Learning & Teaching

Making the Higher Ed experience more accessible, usable: Accessing Higher Ground conference deadline approaches

Members of the University of Colorado community can receive a 30 percent discount on the registration fees for next week’s Accessing Higher Ground - the 16th annual Accessible Media, Web and Technology Conference, which will be held Nov. 4-8, 2013 at the Westin Hotel in Westminster, Colorado.

“The conference offers a unique opportunity to learn from speakers across the country – and some outside the country, including the keynote speaker – who are leaders in the field of Universal Design and accessibility. The concepts discussed at the conference are not simply about making information, websites and curricula more accessible, it’s about making them more usable, which should be a key goal of any course, product or system,” said Howard Kramer, a proponent of the integration of Universal Design into curricula and a lecturer in Continuing Education at CU-Boulder.

CU study shows unprecedented warmth in Arctic

The heat is on, at least in the Arctic.

Average summer temperatures in the Eastern Canadian Arctic during the last 100 years are higher now than during any century in the past 44,000 years and perhaps as long ago as 120,000 years, says a new University of Colorado Boulder study.

New CU-Boulder leadership minor to launch in spring 2014

October 14, 2013

Former University of Colorado President Alexander E. “Sandy” Bracken knows a few things about the role that effective leadership plays in career success and life in general.

As the Newton Leadership Chair at CU-Boulder, Bracken has the task – and desire – to bring more leadership training and development opportunities to students across all academic disciplines. One of the major components of this goal is the creation of the Newton Leadership Studies Minor, which will launch in the spring 2014 semester along with a new class (LEAD 1000) titled “Becoming a Leader.”

CU-Boulder’s modernized Fiske Planetarium to reopen Oct. 12

October 11, 2013

Sky gazers will be better immersed in spectacular views at the University of Colorado Boulder’s Fiske Planetarium since the dome’s nearly 40-year-old analog projector was replaced with a new digital “star ball” in a project completed this week.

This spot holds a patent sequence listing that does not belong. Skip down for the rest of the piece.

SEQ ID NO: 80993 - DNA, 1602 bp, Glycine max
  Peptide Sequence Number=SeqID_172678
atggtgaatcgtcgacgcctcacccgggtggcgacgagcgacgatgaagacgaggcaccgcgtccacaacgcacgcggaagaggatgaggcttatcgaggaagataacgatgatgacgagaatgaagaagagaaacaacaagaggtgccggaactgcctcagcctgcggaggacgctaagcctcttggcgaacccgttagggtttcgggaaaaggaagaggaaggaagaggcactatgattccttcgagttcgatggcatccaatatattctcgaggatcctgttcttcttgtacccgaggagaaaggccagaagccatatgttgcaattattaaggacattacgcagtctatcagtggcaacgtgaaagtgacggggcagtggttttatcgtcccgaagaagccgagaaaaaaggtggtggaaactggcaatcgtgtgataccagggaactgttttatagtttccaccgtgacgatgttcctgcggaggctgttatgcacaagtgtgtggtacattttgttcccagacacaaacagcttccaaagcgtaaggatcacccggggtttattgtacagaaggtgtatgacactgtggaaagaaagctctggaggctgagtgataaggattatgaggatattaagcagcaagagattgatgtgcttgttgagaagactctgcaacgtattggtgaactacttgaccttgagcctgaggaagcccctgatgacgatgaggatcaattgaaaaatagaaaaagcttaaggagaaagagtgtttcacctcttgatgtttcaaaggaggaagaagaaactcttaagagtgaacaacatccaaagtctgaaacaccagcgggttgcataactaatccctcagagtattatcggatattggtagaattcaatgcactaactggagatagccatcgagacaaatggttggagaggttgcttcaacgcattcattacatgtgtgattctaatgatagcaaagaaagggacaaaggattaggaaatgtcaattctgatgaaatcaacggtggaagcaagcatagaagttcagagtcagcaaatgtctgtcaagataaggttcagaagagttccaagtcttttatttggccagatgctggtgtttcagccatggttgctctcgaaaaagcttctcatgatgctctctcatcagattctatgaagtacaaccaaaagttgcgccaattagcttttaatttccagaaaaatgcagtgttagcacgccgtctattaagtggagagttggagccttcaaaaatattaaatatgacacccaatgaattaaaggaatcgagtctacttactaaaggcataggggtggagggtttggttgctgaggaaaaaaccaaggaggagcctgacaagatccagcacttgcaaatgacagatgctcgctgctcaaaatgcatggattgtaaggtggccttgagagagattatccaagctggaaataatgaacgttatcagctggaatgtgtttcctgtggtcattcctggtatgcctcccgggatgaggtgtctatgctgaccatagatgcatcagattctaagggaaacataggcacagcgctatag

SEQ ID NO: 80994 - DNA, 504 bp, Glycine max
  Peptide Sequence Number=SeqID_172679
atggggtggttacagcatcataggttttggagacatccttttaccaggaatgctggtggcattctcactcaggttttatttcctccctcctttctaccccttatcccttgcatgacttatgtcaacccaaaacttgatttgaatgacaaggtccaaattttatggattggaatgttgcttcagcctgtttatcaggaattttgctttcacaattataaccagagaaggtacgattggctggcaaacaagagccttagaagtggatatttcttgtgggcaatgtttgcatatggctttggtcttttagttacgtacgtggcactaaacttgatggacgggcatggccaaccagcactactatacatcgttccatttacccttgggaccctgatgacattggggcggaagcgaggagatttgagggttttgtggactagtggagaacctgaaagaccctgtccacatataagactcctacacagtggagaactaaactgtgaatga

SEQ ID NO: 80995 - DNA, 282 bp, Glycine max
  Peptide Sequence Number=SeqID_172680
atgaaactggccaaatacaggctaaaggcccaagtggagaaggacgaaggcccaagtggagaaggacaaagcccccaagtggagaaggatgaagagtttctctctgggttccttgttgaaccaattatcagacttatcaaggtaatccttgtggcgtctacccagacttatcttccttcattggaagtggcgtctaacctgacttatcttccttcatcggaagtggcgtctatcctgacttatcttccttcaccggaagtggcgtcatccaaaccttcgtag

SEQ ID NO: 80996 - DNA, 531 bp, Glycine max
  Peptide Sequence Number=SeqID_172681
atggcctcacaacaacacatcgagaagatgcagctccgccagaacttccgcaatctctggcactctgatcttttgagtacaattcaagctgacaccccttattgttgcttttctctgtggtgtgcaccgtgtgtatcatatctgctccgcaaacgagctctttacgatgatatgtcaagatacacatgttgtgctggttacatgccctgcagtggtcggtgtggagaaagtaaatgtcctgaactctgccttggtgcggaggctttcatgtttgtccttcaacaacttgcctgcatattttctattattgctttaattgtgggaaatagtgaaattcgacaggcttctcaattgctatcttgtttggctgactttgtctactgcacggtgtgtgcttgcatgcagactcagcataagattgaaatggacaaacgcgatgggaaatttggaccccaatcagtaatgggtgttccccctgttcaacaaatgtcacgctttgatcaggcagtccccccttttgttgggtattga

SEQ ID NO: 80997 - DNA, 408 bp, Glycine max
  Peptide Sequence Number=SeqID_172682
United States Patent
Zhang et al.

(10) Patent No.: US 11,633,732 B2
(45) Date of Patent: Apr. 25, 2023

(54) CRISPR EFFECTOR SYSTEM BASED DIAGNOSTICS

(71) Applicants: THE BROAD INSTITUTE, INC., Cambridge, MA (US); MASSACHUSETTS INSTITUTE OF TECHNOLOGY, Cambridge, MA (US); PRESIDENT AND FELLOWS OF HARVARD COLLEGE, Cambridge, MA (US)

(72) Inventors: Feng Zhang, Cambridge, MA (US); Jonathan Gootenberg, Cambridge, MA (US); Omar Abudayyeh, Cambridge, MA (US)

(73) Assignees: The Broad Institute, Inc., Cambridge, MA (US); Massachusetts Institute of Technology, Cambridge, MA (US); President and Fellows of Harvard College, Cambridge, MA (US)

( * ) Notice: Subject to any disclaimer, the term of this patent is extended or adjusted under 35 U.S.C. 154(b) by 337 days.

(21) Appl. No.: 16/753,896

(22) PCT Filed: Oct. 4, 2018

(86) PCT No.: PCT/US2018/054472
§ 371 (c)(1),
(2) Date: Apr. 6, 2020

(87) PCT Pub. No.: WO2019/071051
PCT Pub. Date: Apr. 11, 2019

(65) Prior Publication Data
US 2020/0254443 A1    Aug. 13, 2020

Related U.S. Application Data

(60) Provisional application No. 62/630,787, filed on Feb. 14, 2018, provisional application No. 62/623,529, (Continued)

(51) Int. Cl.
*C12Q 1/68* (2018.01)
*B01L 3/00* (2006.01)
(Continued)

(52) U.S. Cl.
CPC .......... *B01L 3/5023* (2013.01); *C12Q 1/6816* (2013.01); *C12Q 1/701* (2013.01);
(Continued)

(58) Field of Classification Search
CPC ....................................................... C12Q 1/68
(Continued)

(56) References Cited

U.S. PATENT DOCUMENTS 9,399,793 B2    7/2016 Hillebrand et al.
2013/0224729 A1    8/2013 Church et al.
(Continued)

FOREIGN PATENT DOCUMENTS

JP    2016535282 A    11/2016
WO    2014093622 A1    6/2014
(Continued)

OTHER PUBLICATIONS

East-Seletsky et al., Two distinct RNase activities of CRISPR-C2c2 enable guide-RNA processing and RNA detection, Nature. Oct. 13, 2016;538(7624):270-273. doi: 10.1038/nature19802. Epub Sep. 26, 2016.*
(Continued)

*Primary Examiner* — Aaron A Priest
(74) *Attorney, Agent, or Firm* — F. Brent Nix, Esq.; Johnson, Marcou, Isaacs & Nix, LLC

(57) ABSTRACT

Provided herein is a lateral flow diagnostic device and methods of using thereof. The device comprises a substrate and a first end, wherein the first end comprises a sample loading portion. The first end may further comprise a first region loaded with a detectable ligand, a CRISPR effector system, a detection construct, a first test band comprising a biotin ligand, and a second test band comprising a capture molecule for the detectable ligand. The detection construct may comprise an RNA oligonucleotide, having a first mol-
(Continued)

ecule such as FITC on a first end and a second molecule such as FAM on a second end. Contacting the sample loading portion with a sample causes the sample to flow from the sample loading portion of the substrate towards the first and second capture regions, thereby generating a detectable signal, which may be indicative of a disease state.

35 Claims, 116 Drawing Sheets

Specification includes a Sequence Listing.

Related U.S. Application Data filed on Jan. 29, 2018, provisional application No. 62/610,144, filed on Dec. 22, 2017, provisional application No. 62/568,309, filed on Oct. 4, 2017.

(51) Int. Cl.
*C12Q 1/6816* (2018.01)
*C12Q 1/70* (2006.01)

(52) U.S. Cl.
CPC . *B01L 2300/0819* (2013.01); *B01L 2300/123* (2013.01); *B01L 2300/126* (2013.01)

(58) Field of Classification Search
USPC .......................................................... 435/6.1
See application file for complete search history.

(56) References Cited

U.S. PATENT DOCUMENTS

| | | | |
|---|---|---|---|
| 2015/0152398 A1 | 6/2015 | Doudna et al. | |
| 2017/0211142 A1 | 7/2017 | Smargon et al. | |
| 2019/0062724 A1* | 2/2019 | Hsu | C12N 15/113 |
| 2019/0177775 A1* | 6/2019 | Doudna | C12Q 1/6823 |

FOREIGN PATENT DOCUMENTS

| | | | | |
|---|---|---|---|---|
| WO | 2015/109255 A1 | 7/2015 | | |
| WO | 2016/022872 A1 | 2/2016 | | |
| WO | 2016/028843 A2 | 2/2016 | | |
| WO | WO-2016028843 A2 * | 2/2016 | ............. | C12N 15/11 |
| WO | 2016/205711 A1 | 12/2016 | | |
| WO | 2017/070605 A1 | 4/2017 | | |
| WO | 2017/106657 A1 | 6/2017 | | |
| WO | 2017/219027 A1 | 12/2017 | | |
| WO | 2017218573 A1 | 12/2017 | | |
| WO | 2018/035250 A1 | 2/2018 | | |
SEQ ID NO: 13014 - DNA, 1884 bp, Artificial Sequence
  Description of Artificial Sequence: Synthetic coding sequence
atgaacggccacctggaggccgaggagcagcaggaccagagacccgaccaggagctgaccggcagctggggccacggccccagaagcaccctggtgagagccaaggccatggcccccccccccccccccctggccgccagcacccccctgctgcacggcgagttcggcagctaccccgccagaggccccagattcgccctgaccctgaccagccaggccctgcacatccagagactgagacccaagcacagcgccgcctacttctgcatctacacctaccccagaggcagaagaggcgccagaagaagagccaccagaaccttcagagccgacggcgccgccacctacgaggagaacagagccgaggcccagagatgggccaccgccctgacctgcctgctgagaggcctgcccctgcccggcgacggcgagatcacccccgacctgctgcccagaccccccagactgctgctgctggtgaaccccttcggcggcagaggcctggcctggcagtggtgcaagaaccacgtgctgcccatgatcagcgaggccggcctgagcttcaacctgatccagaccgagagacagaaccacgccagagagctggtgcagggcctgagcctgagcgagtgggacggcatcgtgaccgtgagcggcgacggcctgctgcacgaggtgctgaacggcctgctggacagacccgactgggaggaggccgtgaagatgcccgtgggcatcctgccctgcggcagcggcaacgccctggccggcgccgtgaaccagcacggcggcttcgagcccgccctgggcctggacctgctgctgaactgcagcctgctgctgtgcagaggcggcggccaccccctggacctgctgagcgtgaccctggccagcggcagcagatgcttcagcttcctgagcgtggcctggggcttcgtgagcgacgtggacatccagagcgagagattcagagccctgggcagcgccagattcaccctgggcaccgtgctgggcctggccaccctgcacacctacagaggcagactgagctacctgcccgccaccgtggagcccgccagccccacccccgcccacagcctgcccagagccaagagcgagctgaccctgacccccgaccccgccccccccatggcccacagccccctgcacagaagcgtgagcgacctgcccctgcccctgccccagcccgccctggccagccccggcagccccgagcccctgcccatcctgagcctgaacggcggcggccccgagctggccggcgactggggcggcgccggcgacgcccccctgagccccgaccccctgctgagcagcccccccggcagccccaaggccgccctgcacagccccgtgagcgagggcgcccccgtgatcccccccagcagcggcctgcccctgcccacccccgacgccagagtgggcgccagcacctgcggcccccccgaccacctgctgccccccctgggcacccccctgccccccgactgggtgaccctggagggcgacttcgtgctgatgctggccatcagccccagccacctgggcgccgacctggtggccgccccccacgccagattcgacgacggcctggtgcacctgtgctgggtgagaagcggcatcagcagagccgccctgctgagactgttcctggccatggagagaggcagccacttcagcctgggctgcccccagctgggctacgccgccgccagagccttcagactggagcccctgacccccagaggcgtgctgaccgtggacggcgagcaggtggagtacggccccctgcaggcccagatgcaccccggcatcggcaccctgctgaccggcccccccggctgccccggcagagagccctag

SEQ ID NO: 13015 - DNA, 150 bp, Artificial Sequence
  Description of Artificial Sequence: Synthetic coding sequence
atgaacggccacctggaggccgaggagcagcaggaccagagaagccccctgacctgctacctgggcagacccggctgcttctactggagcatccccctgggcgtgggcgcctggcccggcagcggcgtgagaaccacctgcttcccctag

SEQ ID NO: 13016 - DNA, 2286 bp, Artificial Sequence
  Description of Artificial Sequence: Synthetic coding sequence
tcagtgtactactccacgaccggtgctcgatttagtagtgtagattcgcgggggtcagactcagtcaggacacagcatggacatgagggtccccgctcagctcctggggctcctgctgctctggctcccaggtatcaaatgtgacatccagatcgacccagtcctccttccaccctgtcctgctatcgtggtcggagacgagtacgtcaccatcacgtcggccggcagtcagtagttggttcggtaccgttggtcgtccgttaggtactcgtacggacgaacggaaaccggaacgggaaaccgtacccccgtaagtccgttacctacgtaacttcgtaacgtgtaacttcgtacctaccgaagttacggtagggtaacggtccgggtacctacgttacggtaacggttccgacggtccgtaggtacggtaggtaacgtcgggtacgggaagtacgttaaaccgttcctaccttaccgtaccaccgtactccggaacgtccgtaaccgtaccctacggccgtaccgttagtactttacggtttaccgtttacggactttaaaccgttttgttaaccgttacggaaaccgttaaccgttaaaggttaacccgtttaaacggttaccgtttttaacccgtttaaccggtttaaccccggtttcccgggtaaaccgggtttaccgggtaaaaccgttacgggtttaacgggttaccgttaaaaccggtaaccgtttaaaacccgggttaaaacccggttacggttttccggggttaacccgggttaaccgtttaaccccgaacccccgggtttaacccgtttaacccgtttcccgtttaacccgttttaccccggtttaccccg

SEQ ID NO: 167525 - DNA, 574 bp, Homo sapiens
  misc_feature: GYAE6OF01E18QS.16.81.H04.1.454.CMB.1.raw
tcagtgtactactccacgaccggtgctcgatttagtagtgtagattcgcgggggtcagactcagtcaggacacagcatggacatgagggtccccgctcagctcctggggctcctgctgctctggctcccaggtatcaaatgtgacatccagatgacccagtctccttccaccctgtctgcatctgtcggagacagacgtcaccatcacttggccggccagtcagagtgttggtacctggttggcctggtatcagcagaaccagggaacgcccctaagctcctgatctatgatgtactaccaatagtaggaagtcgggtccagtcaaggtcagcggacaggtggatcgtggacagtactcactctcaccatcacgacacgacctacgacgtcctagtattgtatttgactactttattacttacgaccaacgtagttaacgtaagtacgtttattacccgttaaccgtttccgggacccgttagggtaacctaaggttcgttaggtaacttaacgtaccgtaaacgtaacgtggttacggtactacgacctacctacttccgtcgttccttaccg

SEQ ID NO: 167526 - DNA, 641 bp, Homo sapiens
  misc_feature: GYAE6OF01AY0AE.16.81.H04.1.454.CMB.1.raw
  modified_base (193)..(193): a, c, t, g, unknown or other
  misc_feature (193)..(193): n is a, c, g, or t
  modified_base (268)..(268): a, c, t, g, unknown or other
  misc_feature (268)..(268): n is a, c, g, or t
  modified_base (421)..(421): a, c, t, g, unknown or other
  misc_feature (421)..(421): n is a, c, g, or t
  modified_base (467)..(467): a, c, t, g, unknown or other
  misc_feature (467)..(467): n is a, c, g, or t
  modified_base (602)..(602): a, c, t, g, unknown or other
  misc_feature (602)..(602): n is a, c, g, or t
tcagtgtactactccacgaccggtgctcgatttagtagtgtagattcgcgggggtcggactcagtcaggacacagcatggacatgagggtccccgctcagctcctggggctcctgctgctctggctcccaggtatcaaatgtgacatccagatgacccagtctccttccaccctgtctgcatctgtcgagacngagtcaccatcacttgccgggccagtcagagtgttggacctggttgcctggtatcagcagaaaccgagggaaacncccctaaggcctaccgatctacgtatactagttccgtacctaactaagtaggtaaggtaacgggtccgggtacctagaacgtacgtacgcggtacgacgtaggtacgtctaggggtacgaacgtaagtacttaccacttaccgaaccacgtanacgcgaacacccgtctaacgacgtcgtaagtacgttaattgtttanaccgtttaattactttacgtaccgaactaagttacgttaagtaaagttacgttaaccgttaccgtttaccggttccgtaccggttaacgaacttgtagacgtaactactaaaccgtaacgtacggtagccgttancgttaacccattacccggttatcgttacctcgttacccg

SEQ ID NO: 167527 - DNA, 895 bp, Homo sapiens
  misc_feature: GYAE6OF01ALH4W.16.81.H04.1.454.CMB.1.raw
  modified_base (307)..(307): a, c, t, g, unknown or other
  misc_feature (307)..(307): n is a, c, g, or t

The modernized Fiske, which now can show a wider range of media including ultra high-definition movies, will reopen to the public at 10 a.m. Saturday, Oct. 12.

Law School students teach state high school students about Constitution

CU Law School student Jocelyn Jenks so enjoyed going out to teach state high school students about the Constitution in 2012 that she came back this year to participate as an alumna.

“The experience was wonderful, and I jumped at the opportunity to work with high school students again this year,” said Jenks (Law ‘12).

Dead Dinosaurs and Nuclear Wars: 105th Distinguished Research Lecture

The 105th Distinguished Research Lecture will be presented on Oct. 18 at 3 p.m. in the Cristol Chemistry 140 auditorium. The Distinguished Research Lectureship is the highest honor bestowed upon a faculty member by the Graduate School. Its purpose is to honor and recognize an entire body of creative work and research.

This year’s recipient of the award, Dr. Owen Brian Toon, will present “Dead Dinosaurs and Nuclear Wars.” Dr. Toon was awarded the American Physical Society’s 1985 Leo Szilard Award for Physics in the Public Interest for his work on nuclear winter. He studies radiative transfer, aerosol and cloud physics, atmospheric chemistry and parallels between the Earth and planets.

CU Law School students to teach state high school students about Constitution

September 10, 2013

More than 50 students and dozens of alumni of the University of Colorado Boulder Law School will teach a lesson on the First Amendment in more than 50 high school classrooms throughout Colorado Sept. 11–20 in recognition of Constitution Day.

Constitution Day is a national event that annually commemorates the Sept. 17, 1787, signing of the United States Constitution.

Rare western bumblebee creates a buzz on the Front Range

When University of Colorado Boulder junior Cole Steinmetz first begins a bumblebee hunt, he walks slowly, listening for the bee’s persistent, rumbling buzz, which Steinmetz has learned is usually lower and less singsongy than the noises made by flies and other insects.

Chancellor's Corner: Summoning the Class of 2017 to great adventure

Today, the University of Colorado Boulder welcomed more than 5,700 new students to our campus. During this morning's Convocation, I invited them to continue our proud institution's legacy of scholarship and citizenship. I share my invitation with you, and welcome you to our new academic year.

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It takes a team to dress a king for the Colorado Shakespeare Festival

Amid the staccato clatter of sewing machines, the wardrobe artists snipped, stitched, embellished and ironed garments fit for a king. And a soldier, and a gaggle of nobles, murderers and a gardener.

In the Colorado Shakespeare Festival costume shop housed in CU-Boulder’s Theatre and Dance Department, are stacks of bins and drawers of fabric, thread, lace and the sorts of sartorial bits and bobs that go into making theatre costumes.

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